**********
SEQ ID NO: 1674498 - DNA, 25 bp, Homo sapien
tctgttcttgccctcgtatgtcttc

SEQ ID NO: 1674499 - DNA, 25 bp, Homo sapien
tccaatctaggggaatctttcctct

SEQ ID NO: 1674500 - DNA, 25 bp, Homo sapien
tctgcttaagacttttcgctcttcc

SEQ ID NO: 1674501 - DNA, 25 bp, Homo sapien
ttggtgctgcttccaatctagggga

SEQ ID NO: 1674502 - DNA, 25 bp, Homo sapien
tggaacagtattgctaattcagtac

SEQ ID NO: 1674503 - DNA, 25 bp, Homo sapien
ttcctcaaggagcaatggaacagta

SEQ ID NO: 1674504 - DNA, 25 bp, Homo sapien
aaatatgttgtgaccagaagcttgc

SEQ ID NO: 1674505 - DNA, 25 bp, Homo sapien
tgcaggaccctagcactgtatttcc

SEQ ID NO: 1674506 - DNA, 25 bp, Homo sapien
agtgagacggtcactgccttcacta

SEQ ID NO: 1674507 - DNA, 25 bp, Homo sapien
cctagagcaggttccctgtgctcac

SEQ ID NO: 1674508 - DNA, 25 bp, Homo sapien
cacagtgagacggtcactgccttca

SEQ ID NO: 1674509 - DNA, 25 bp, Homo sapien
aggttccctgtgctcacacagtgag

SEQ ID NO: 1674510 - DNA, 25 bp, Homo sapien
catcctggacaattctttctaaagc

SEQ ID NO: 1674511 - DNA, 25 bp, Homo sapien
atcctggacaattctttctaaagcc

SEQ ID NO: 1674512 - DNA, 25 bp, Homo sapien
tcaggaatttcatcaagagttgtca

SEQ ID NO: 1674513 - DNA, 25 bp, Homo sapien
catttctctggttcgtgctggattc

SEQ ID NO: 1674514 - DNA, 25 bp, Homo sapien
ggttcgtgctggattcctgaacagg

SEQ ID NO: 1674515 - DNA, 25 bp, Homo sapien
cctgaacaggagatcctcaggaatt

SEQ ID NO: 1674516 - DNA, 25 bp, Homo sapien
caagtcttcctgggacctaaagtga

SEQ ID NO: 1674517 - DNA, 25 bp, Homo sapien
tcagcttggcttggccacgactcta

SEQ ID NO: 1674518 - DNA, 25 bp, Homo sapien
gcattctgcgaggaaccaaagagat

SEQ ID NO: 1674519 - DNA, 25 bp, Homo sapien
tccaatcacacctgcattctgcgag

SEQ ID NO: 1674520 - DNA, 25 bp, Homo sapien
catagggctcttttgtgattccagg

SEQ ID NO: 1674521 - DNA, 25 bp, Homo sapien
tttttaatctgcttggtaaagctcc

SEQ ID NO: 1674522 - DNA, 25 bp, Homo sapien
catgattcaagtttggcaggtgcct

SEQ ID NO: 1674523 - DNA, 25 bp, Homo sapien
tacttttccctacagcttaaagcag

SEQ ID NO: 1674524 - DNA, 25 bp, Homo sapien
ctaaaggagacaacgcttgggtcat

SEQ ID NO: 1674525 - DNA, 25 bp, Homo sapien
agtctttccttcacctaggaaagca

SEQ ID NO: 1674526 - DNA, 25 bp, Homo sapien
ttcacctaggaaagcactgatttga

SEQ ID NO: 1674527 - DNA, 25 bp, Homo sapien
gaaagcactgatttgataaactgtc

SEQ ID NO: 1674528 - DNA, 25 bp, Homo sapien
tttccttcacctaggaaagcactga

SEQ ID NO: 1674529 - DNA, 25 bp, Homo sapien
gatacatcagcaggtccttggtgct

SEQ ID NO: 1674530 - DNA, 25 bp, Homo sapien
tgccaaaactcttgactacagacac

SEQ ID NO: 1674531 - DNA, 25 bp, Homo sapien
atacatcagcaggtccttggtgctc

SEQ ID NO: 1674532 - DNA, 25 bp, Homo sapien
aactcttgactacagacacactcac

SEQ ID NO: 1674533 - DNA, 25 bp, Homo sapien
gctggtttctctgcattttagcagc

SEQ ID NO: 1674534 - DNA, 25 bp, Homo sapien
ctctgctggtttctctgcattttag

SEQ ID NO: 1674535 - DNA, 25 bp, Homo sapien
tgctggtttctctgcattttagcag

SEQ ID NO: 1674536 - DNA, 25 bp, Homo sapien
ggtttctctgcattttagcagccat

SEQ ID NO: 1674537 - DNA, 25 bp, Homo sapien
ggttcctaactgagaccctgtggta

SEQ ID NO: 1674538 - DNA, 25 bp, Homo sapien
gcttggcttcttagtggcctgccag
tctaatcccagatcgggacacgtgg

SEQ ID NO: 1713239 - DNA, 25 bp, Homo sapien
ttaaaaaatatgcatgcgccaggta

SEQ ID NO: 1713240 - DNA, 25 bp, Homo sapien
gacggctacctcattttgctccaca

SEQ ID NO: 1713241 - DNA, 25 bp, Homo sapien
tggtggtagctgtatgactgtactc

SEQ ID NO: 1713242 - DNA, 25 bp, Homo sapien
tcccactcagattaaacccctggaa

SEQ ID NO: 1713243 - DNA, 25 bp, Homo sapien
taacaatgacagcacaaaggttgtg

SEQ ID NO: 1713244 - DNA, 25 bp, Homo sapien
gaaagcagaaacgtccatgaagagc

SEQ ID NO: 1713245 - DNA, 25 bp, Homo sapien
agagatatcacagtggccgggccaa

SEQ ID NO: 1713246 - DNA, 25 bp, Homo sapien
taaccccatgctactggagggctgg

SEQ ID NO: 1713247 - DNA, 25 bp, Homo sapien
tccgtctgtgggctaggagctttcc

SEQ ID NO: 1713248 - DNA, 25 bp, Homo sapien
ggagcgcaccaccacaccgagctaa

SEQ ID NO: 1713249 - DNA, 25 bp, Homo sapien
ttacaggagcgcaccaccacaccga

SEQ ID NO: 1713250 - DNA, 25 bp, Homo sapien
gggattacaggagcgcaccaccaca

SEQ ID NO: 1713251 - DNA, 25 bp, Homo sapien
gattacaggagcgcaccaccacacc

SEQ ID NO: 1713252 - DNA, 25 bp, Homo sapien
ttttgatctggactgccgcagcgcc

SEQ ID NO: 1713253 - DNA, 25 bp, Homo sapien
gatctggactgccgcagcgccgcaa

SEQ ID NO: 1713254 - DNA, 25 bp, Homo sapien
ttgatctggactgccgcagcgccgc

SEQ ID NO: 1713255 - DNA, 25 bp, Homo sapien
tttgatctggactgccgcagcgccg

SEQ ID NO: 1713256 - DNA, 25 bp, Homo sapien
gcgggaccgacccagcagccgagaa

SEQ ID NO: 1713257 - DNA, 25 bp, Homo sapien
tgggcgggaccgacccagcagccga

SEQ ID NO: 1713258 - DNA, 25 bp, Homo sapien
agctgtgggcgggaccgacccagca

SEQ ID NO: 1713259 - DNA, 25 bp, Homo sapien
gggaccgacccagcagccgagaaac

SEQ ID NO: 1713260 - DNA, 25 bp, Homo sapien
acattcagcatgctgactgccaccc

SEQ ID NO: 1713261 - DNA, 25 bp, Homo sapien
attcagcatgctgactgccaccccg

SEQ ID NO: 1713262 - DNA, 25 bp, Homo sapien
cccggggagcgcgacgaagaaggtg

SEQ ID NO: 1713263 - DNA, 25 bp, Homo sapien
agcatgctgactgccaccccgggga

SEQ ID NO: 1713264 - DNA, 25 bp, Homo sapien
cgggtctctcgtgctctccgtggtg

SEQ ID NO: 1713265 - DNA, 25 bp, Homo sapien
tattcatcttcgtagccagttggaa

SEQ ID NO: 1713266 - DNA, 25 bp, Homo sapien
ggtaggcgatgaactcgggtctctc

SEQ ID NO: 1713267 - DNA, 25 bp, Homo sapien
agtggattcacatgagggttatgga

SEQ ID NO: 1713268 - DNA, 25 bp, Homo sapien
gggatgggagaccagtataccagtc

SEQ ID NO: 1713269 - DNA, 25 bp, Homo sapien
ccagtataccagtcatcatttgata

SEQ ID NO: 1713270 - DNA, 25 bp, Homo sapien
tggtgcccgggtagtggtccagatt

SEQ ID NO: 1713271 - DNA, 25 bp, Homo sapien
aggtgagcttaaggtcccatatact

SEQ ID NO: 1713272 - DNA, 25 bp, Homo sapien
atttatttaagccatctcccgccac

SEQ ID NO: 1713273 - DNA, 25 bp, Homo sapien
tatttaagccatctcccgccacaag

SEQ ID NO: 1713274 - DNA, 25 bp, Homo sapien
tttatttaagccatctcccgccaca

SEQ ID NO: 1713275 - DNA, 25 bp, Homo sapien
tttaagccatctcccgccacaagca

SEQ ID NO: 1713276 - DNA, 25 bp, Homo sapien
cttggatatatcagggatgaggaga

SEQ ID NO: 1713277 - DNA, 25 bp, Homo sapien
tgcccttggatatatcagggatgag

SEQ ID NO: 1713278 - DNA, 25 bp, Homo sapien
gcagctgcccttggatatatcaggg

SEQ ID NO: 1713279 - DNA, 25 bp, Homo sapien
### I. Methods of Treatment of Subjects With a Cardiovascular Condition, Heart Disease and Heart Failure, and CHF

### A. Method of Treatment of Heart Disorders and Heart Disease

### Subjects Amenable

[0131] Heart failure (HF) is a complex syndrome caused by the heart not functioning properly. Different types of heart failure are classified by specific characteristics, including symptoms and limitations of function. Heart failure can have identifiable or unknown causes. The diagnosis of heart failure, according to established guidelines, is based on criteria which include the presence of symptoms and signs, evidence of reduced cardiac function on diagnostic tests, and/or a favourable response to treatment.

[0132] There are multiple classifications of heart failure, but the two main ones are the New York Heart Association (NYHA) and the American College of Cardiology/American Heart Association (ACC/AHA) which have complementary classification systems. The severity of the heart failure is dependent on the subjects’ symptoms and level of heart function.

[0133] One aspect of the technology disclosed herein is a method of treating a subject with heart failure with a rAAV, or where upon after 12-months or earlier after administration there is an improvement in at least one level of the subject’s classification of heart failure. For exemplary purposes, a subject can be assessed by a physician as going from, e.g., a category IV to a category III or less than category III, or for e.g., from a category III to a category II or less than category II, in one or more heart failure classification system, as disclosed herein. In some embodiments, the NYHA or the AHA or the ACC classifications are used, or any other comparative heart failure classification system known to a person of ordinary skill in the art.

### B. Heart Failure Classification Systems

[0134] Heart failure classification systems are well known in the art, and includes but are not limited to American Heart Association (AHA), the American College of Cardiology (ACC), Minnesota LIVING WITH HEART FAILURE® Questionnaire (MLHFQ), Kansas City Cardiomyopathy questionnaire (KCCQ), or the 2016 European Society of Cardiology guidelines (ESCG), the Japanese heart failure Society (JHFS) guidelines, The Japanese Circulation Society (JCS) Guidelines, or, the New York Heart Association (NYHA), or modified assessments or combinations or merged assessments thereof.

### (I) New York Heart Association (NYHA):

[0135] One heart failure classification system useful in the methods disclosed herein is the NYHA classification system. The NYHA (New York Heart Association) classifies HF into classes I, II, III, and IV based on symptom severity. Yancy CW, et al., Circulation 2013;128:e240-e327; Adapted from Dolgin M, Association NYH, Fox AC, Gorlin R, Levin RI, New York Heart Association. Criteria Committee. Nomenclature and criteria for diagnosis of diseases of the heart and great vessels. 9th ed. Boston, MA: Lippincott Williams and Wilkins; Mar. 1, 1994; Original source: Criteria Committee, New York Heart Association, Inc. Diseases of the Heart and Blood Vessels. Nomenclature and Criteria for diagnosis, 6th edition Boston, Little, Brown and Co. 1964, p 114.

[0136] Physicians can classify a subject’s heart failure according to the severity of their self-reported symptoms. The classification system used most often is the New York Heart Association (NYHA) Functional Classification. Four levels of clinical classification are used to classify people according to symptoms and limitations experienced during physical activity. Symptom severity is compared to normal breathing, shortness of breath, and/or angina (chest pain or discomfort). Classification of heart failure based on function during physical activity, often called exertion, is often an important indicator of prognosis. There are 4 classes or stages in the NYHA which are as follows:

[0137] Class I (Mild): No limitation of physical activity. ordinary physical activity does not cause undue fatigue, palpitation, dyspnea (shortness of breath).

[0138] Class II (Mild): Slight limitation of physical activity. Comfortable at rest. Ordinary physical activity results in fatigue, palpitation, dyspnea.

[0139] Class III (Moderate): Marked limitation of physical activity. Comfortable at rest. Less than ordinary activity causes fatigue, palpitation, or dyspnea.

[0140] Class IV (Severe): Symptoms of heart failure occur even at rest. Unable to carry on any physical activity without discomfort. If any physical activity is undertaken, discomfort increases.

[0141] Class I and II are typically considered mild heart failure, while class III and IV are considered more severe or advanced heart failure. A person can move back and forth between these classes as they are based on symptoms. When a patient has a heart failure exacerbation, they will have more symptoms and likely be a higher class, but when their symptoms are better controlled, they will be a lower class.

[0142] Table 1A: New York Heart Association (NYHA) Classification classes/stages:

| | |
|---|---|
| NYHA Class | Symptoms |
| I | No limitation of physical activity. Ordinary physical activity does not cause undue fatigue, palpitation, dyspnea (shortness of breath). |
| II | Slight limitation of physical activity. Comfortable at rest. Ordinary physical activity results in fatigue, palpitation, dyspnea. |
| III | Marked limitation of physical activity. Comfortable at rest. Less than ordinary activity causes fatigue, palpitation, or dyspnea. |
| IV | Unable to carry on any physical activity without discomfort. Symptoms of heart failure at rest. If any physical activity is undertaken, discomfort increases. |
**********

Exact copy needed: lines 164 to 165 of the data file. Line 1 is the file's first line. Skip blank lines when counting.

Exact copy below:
SEQ ID NO: 1713279 - DNA, 25 bp, Homo sapien
### I. Methods of Treatment of Subjects With a Cardiovascular Condition, Heart Disease and Heart Failure, and CHF